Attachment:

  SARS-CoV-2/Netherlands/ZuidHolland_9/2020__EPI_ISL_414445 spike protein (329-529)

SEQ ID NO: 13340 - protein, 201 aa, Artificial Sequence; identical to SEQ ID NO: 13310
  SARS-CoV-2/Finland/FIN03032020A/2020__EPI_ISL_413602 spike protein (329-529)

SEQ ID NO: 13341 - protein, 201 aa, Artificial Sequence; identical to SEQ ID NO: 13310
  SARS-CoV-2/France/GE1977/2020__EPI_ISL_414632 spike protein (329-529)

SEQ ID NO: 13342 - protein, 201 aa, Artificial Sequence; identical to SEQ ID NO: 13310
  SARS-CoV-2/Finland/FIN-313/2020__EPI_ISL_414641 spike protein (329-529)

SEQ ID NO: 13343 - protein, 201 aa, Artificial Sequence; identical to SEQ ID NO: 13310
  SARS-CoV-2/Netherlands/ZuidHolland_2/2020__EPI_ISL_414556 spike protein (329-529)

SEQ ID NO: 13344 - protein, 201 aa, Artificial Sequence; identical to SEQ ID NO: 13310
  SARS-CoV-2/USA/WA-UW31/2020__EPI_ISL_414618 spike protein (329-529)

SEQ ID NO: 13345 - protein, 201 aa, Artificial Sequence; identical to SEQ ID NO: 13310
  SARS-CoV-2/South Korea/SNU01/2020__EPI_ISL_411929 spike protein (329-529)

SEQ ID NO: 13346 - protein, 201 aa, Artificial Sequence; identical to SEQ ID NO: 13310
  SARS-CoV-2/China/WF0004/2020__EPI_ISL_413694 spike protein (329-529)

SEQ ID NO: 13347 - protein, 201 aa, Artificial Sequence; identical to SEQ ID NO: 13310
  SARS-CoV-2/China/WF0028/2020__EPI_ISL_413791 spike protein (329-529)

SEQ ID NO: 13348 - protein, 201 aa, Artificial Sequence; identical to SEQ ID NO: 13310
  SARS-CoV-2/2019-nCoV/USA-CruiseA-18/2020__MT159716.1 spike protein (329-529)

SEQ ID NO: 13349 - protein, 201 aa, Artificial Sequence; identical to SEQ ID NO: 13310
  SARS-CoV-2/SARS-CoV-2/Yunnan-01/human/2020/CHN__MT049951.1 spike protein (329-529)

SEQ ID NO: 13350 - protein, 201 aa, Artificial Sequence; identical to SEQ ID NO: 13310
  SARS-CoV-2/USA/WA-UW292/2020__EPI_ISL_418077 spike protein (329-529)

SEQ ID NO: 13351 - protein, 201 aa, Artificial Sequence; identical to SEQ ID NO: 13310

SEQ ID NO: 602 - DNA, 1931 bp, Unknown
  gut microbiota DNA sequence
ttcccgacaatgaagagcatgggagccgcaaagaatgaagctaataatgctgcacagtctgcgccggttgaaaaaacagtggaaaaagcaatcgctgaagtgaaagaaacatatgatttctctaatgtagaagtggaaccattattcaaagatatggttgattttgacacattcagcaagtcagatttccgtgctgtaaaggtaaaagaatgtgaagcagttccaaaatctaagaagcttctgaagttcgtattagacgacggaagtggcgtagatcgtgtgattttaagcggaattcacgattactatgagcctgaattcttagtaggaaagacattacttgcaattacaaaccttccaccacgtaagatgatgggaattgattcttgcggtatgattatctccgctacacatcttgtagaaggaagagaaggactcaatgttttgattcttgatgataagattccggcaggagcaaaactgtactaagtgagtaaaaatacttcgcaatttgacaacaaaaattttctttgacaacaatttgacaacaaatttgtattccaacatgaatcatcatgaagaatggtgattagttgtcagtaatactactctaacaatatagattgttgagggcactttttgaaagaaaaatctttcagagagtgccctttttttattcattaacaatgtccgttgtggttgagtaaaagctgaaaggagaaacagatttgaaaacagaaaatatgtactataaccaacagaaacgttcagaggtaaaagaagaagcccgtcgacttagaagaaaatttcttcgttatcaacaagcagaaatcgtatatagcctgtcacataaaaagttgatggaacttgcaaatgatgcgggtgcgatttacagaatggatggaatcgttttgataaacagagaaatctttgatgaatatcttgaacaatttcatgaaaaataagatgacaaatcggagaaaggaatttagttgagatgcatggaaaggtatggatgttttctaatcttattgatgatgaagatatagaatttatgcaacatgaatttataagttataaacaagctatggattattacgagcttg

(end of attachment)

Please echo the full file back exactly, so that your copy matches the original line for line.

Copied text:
  SARS-CoV-2/Netherlands/ZuidHolland_9/2020__EPI_ISL_414445 spike protein (329-529)

SEQ ID NO: 13340 - protein, 201 aa, Artificial Sequence; identical to SEQ ID NO: 13310
  SARS-CoV-2/Finland/FIN03032020A/2020__EPI_ISL_413602 spike protein (329-529)

SEQ ID NO: 13341 - protein, 201 aa, Artificial Sequence; identical to SEQ ID NO: 13310
  SARS-CoV-2/France/GE1977/2020__EPI_ISL_414632 spike protein (329-529)

SEQ ID NO: 13342 - protein, 201 aa, Artificial Sequence; identical to SEQ ID NO: 13310
  SARS-CoV-2/Finland/FIN-313/2020__EPI_ISL_414641 spike protein (329-529)

SEQ ID NO: 13343 - protein, 201 aa, Artificial Sequence; identical to SEQ ID NO: 13310
  SARS-CoV-2/Netherlands/ZuidHolland_2/2020__EPI_ISL_414556 spike protein (329-529)

SEQ ID NO: 13344 - protein, 201 aa, Artificial Sequence; identical to SEQ ID NO: 13310
  SARS-CoV-2/USA/WA-UW31/2020__EPI_ISL_414618 spike protein (329-529)

SEQ ID NO: 13345 - protein, 201 aa, Artificial Sequence; identical to SEQ ID NO: 13310
  SARS-CoV-2/South Korea/SNU01/2020__EPI_ISL_411929 spike protein (329-529)

SEQ ID NO: 13346 - protein, 201 aa, Artificial Sequence; identical to SEQ ID NO: 13310
  SARS-CoV-2/China/WF0004/2020__EPI_ISL_413694 spike protein (329-529)

SEQ ID NO: 13347 - protein, 201 aa, Artificial Sequence; identical to SEQ ID NO: 13310
  SARS-CoV-2/China/WF0028/2020__EPI_ISL_413791 spike protein (329-529)

SEQ ID NO: 13348 - protein, 201 aa, Artificial Sequence; identical to SEQ ID NO: 13310
  SARS-CoV-2/2019-nCoV/USA-CruiseA-18/2020__MT159716.1 spike protein (329-529)

SEQ ID NO: 13349 - protein, 201 aa, Artificial Sequence; identical to SEQ ID NO: 13310
  SARS-CoV-2/SARS-CoV-2/Yunnan-01/human/2020/CHN__MT049951.1 spike protein (329-529)

SEQ ID NO: 13350 - protein, 201 aa, Artificial Sequence; identical to SEQ ID NO: 13310
  SARS-CoV-2/USA/WA-UW292/2020__EPI_ISL_418077 spike protein (329-529)

SEQ ID NO: 13351 - protein, 201 aa, Artificial Sequence; identical to SEQ ID NO: 13310

SEQ ID NO: 602 - DNA, 1931 bp, Unknown
  gut microbiota DNA sequence
ttcccgacaatgaagagcatgggagccgcaaagaatgaagctaataatgctgcacagtctgcgccggttgaaaaaacagtggaaaaagcaatcgctgaagtgaaagaaacatatgatttctctaatgtagaagtggaaccattattcaaagatatggttgattttgacacattcagcaagtcagatttccgtgctgtaaaggtaaaagaatgtgaagcagttccaaaatctaagaagcttctgaagttcgtattagacgacggaagtggcgtagatcgtgtgattttaagcggaattcacgattactatgagcctgaattcttagtaggaaagacattacttgcaattacaaaccttccaccacgtaagatgatgggaattgattcttgcggtatgattatctccgctacacatcttgtagaaggaagagaaggactcaatgttttgattcttgatgataagattccggcaggagcaaaactgtactaagtgagtaaaaatacttcgcaatttgacaacaaaaattttctttgacaacaatttgacaacaaatttgtattccaacatgaatcatcatgaagaatggtgattagttgtcagtaatactactctaacaatatagattgttgagggcactttttgaaagaaaaatctttcagagagtgccctttttttattcattaacaatgtccgttgtggttgagtaaaagctgaaaggagaaacagatttgaaaacagaaaatatgtactataaccaacagaaacgttcagaggtaaaagaagaagcccgtcgacttagaagaaaatttcttcgttatcaacaagcagaaatcgtatatagcctgtcacataaaaagttgatggaacttgcaaatgatgcgggtgcgatttacagaatggatggaatcgttttgataaacagagaaatctttgatgaatatcttgaacaatttcatgaaaaataagatgacaaatcggagaaaggaatttagttgagatgcatggaaaggtatggatgttttctaatcttattgatgatgaagatatagaatttatgcaacatgaatttataagttataaacaagctatggattattacgagcttg